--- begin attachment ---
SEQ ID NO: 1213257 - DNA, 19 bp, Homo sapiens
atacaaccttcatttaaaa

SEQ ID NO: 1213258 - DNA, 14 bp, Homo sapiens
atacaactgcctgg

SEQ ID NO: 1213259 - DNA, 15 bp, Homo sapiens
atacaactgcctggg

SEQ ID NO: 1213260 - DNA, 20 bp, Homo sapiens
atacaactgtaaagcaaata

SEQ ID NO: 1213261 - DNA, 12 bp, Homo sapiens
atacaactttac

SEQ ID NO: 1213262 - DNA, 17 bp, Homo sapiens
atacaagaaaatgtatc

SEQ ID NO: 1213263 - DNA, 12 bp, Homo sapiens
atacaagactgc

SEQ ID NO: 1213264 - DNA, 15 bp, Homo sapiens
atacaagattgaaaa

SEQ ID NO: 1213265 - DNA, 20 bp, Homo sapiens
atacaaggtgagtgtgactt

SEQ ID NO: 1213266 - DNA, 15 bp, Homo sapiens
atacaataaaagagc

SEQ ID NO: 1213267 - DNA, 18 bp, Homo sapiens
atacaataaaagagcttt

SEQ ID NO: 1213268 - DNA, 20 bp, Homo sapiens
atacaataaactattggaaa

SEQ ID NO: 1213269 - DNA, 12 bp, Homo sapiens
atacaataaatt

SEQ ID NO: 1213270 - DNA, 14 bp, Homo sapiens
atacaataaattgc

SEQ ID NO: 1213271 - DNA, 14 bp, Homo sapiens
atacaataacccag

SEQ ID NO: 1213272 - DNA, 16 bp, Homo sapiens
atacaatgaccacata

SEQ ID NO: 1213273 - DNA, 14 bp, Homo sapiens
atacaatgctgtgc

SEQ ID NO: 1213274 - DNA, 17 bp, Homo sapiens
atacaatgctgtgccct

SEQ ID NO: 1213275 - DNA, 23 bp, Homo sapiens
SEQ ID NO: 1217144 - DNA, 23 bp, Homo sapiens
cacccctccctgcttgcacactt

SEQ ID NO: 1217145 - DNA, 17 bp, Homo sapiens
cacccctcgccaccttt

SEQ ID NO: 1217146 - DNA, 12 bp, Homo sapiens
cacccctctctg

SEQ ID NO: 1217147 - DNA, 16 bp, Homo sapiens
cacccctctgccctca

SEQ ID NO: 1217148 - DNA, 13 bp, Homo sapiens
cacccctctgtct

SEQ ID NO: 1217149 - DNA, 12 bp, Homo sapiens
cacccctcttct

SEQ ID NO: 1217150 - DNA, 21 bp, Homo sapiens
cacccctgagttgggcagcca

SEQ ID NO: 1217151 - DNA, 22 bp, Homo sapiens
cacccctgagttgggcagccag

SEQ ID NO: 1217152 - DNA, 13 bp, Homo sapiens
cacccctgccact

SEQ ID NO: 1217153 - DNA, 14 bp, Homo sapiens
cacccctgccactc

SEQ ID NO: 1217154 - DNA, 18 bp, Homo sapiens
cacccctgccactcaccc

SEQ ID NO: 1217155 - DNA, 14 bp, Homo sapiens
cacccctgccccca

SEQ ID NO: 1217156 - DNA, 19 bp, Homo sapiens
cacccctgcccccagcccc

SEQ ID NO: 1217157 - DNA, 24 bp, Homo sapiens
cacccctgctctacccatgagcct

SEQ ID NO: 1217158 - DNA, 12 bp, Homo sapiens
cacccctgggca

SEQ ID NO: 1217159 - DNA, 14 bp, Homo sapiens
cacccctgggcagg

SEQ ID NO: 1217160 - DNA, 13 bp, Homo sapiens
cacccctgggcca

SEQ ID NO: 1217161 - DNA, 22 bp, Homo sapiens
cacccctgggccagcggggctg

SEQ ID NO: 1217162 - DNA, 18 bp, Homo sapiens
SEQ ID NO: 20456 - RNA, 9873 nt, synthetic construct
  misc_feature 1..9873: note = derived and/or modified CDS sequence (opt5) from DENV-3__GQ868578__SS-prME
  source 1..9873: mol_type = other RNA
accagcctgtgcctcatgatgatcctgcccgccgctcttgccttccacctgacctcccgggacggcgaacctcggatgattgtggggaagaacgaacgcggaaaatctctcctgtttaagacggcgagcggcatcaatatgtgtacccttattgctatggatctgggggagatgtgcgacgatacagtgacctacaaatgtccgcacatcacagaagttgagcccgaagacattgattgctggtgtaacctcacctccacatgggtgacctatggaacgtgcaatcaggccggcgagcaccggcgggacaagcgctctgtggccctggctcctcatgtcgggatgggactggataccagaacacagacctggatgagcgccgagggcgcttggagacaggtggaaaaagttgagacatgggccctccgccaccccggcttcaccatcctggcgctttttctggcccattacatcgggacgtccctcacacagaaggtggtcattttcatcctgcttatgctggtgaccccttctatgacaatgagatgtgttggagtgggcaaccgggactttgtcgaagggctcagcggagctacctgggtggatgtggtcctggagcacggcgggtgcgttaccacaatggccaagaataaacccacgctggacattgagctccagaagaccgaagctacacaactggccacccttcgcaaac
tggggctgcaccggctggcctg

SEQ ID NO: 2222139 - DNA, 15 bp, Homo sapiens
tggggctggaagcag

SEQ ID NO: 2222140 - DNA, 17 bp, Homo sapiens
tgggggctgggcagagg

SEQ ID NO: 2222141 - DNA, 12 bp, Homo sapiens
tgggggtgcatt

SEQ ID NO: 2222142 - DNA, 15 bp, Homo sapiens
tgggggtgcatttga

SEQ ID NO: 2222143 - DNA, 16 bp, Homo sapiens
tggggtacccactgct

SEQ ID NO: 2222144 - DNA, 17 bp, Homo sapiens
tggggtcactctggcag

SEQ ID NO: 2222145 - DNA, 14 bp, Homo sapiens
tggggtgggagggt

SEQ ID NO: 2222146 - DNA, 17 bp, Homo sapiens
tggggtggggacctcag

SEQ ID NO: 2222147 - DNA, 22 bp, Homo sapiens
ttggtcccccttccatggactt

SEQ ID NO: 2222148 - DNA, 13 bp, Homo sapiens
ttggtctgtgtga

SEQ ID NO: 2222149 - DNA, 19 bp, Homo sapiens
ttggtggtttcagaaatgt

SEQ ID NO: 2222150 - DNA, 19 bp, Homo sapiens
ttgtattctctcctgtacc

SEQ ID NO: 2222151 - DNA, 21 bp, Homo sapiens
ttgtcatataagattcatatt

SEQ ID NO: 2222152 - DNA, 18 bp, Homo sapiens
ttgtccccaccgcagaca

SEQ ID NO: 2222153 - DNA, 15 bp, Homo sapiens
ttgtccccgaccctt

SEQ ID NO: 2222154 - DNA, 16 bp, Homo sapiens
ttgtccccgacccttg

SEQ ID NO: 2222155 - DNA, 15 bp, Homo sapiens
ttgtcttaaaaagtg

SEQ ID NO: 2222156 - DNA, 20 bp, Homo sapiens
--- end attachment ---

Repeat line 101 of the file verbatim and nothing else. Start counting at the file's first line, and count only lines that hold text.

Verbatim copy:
ttggtggtttcagaaatgt